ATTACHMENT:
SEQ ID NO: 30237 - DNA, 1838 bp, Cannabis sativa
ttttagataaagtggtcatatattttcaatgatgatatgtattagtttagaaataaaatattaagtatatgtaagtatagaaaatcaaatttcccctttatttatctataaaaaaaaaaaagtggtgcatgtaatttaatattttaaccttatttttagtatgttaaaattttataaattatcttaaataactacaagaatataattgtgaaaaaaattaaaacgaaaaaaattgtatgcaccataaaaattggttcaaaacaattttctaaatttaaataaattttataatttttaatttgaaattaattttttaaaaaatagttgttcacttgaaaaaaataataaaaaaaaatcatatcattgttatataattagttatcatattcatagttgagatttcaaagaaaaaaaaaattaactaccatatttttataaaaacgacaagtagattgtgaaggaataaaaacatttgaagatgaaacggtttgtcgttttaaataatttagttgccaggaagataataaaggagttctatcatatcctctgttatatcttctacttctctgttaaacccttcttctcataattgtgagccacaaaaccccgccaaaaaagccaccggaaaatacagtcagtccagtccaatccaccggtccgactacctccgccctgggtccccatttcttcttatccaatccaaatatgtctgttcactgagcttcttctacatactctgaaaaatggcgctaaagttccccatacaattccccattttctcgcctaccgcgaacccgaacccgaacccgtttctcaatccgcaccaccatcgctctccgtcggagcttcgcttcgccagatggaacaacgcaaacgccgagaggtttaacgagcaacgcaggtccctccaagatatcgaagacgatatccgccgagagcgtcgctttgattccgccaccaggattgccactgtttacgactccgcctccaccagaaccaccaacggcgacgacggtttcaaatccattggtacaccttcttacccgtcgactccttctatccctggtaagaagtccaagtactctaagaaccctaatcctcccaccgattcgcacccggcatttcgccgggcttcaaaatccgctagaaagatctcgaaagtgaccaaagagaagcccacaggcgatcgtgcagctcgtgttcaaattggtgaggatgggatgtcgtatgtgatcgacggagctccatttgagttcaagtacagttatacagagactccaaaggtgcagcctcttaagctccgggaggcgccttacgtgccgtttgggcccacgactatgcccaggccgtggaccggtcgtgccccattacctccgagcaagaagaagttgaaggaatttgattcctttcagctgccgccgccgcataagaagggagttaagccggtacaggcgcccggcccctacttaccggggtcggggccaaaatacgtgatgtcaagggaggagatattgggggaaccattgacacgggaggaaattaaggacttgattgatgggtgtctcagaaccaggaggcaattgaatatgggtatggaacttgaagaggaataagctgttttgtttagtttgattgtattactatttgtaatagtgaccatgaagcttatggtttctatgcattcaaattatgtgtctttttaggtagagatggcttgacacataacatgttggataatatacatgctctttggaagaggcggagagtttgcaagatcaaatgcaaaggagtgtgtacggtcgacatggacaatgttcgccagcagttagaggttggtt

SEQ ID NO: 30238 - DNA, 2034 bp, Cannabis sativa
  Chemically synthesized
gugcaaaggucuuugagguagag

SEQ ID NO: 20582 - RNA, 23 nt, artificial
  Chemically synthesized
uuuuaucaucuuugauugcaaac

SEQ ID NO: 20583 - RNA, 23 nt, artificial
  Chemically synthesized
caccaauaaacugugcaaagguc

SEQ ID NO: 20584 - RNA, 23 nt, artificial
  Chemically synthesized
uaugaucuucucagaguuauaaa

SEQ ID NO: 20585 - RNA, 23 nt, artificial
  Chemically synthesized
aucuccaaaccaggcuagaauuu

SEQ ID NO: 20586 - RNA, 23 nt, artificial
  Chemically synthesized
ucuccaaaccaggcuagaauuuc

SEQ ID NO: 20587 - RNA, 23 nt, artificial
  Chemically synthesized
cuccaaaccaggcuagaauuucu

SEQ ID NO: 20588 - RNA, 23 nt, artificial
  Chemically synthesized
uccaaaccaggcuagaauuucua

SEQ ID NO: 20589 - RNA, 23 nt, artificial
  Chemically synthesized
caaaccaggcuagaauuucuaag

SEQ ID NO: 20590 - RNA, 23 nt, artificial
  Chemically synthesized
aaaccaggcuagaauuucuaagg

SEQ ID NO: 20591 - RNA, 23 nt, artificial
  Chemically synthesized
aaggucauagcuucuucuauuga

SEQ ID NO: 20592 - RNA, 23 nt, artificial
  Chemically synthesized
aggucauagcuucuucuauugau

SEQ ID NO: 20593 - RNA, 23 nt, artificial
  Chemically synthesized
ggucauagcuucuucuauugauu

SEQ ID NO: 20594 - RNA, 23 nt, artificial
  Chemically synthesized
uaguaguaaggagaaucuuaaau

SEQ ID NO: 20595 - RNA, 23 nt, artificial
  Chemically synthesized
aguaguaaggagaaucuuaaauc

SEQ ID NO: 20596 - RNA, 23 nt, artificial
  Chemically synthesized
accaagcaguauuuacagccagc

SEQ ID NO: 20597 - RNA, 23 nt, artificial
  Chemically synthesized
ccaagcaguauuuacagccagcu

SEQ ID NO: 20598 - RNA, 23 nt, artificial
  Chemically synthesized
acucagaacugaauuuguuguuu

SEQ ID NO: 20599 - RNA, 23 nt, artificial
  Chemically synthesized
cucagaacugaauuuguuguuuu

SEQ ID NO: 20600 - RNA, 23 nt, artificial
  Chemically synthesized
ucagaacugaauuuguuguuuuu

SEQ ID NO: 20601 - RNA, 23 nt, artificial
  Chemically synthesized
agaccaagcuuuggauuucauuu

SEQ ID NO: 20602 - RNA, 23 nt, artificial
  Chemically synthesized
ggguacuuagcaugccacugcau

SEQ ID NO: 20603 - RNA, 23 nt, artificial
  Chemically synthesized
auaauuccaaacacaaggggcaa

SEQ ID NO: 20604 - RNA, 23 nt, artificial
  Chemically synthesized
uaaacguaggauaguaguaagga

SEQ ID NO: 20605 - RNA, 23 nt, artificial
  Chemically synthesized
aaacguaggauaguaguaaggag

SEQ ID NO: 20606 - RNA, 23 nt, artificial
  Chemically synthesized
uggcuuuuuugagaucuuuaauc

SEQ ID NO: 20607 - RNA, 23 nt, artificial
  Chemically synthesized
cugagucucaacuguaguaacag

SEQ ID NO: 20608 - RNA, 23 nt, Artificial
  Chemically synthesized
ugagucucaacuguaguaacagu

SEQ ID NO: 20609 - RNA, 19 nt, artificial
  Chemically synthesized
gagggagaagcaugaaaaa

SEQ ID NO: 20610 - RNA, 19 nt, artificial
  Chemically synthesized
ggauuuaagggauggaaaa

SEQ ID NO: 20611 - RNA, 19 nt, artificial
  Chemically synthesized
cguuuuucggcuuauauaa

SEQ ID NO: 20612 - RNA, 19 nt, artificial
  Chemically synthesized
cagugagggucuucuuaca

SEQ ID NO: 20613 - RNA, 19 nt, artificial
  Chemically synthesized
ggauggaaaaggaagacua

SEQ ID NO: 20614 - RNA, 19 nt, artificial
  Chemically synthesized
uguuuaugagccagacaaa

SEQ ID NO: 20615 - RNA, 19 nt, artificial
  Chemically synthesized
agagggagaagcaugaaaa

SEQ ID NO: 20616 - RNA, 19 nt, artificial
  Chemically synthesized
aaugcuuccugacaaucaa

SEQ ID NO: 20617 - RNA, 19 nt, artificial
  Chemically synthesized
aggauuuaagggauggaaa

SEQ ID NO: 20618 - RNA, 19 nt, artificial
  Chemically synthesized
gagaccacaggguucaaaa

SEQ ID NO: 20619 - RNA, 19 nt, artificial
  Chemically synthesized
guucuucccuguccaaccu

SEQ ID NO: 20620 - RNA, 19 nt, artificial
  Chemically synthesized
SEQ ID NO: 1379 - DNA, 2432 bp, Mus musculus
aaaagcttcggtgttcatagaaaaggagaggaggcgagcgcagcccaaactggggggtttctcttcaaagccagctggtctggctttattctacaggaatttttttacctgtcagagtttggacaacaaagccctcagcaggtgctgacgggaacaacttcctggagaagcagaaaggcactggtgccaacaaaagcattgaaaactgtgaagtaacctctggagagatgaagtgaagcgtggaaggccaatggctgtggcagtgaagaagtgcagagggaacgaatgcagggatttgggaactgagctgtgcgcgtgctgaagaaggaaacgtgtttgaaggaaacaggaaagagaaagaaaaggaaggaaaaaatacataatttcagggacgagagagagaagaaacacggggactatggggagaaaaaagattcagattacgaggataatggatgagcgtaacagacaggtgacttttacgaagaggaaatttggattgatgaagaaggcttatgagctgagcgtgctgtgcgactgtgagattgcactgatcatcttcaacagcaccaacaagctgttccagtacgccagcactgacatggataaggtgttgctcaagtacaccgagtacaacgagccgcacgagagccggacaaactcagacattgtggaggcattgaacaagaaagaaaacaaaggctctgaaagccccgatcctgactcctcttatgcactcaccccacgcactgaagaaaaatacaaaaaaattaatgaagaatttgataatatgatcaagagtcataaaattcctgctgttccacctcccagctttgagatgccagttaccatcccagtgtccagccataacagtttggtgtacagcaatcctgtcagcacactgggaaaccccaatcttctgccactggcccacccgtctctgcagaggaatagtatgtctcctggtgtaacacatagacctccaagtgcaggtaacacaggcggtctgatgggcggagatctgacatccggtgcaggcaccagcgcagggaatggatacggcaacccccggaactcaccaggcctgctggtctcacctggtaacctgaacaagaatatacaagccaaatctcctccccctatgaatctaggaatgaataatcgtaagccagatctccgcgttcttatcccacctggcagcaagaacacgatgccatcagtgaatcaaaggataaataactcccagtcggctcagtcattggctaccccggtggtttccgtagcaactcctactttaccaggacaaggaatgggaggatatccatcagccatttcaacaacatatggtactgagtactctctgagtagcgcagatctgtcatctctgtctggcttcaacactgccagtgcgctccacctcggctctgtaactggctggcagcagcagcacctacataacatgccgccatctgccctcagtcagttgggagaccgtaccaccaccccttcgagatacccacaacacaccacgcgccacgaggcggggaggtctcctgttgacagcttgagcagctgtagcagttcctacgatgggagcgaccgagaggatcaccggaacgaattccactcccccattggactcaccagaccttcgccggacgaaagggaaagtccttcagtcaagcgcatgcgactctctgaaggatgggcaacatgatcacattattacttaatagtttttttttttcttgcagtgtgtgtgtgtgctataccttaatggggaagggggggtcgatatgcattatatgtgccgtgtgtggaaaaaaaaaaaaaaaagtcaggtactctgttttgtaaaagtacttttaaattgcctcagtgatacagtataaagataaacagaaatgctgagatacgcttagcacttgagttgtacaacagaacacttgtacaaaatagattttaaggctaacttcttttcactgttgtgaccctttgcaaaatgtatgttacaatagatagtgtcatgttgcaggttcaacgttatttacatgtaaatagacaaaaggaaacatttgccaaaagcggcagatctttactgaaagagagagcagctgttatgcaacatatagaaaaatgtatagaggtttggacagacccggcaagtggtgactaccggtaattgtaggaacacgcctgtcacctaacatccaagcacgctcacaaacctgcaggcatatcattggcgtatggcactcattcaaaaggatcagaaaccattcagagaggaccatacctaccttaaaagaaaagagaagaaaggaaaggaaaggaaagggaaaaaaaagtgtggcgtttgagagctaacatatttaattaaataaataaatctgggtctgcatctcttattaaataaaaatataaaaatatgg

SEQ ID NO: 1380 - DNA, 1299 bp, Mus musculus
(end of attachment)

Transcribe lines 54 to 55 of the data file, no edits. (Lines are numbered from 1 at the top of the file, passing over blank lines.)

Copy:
SEQ ID NO: 20598 - RNA, 23 nt, artificial
  Chemically synthesized